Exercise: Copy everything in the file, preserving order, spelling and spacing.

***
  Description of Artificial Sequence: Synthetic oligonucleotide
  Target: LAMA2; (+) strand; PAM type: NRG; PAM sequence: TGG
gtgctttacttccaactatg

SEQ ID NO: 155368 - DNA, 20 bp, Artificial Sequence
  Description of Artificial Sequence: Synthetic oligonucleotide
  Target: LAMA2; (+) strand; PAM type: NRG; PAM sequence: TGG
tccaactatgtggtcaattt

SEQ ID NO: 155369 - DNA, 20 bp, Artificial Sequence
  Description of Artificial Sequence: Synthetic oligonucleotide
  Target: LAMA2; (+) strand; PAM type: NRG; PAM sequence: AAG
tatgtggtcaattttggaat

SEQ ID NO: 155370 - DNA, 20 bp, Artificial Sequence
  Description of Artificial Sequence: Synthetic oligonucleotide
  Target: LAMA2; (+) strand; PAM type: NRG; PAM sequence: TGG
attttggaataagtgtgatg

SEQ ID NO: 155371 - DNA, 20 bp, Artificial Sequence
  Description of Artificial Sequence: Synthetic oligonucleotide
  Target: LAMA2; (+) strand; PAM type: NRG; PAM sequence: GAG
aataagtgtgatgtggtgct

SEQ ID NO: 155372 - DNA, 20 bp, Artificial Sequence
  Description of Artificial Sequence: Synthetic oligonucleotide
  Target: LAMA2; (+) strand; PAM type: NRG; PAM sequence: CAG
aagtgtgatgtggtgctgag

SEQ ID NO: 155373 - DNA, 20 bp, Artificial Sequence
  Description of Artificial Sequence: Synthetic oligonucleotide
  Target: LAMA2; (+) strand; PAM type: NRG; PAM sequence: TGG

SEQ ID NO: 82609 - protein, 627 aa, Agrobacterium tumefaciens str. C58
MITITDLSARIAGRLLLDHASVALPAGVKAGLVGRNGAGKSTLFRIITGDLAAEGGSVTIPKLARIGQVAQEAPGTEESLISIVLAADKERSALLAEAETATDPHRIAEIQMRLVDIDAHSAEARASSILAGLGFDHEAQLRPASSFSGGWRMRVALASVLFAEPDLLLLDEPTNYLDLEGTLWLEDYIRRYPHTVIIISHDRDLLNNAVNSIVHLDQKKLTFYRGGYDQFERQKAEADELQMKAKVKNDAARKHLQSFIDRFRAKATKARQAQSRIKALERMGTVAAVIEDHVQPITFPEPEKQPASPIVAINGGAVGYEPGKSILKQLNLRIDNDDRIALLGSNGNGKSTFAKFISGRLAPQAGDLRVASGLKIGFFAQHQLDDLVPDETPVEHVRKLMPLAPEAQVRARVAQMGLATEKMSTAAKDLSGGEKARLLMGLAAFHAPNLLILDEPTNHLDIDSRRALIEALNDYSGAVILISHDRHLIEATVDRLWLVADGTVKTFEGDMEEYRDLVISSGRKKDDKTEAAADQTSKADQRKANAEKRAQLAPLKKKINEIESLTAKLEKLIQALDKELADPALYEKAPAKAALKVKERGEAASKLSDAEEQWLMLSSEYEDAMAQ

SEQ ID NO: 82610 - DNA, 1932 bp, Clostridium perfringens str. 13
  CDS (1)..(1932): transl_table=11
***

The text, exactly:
  Description of Artificial Sequence: Synthetic oligonucleotide
  Target: LAMA2; (+) strand; PAM type: NRG; PAM sequence: TGG
gtgctttacttccaactatg

SEQ ID NO: 155368 - DNA, 20 bp, Artificial Sequence
  Description of Artificial Sequence: Synthetic oligonucleotide
  Target: LAMA2; (+) strand; PAM type: NRG; PAM sequence: TGG
tccaactatgtggtcaattt

SEQ ID NO: 155369 - DNA, 20 bp, Artificial Sequence
  Description of Artificial Sequence: Synthetic oligonucleotide
  Target: LAMA2; (+) strand; PAM type: NRG; PAM sequence: AAG
tatgtggtcaattttggaat

SEQ ID NO: 155370 - DNA, 20 bp, Artificial Sequence
  Description of Artificial Sequence: Synthetic oligonucleotide
  Target: LAMA2; (+) strand; PAM type: NRG; PAM sequence: TGG
attttggaataagtgtgatg

SEQ ID NO: 155371 - DNA, 20 bp, Artificial Sequence
  Description of Artificial Sequence: Synthetic oligonucleotide
  Target: LAMA2; (+) strand; PAM type: NRG; PAM sequence: GAG
aataagtgtgatgtggtgct

SEQ ID NO: 155372 - DNA, 20 bp, Artificial Sequence
  Description of Artificial Sequence: Synthetic oligonucleotide
  Target: LAMA2; (+) strand; PAM type: NRG; PAM sequence: CAG
aagtgtgatgtggtgctgag

SEQ ID NO: 155373 - DNA, 20 bp, Artificial Sequence
  Description of Artificial Sequence: Synthetic oligonucleotide
  Target: LAMA2; (+) strand; PAM type: NRG; PAM sequence: TGG

SEQ ID NO: 82609 - protein, 627 aa, Agrobacterium tumefaciens str. C58
MITITDLSARIAGRLLLDHASVALPAGVKAGLVGRNGAGKSTLFRIITGDLAAEGGSVTIPKLARIGQVAQEAPGTEESLISIVLAADKERSALLAEAETATDPHRIAEIQMRLVDIDAHSAEARASSILAGLGFDHEAQLRPASSFSGGWRMRVALASVLFAEPDLLLLDEPTNYLDLEGTLWLEDYIRRYPHTVIIISHDRDLLNNAVNSIVHLDQKKLTFYRGGYDQFERQKAEADELQMKAKVKNDAARKHLQSFIDRFRAKATKARQAQSRIKALERMGTVAAVIEDHVQPITFPEPEKQPASPIVAINGGAVGYEPGKSILKQLNLRIDNDDRIALLGSNGNGKSTFAKFISGRLAPQAGDLRVASGLKIGFFAQHQLDDLVPDETPVEHVRKLMPLAPEAQVRARVAQMGLATEKMSTAAKDLSGGEKARLLMGLAAFHAPNLLILDEPTNHLDIDSRRALIEALNDYSGAVILISHDRHLIEATVDRLWLVADGTVKTFEGDMEEYRDLVISSGRKKDDKTEAAADQTSKADQRKANAEKRAQLAPLKKKINEIESLTAKLEKLIQALDKELADPALYEKAPAKAALKVKERGEAASKLSDAEEQWLMLSSEYEDAMAQ

SEQ ID NO: 82610 - DNA, 1932 bp, Clostridium perfringens str. 13
  CDS (1)..(1932): transl_table=11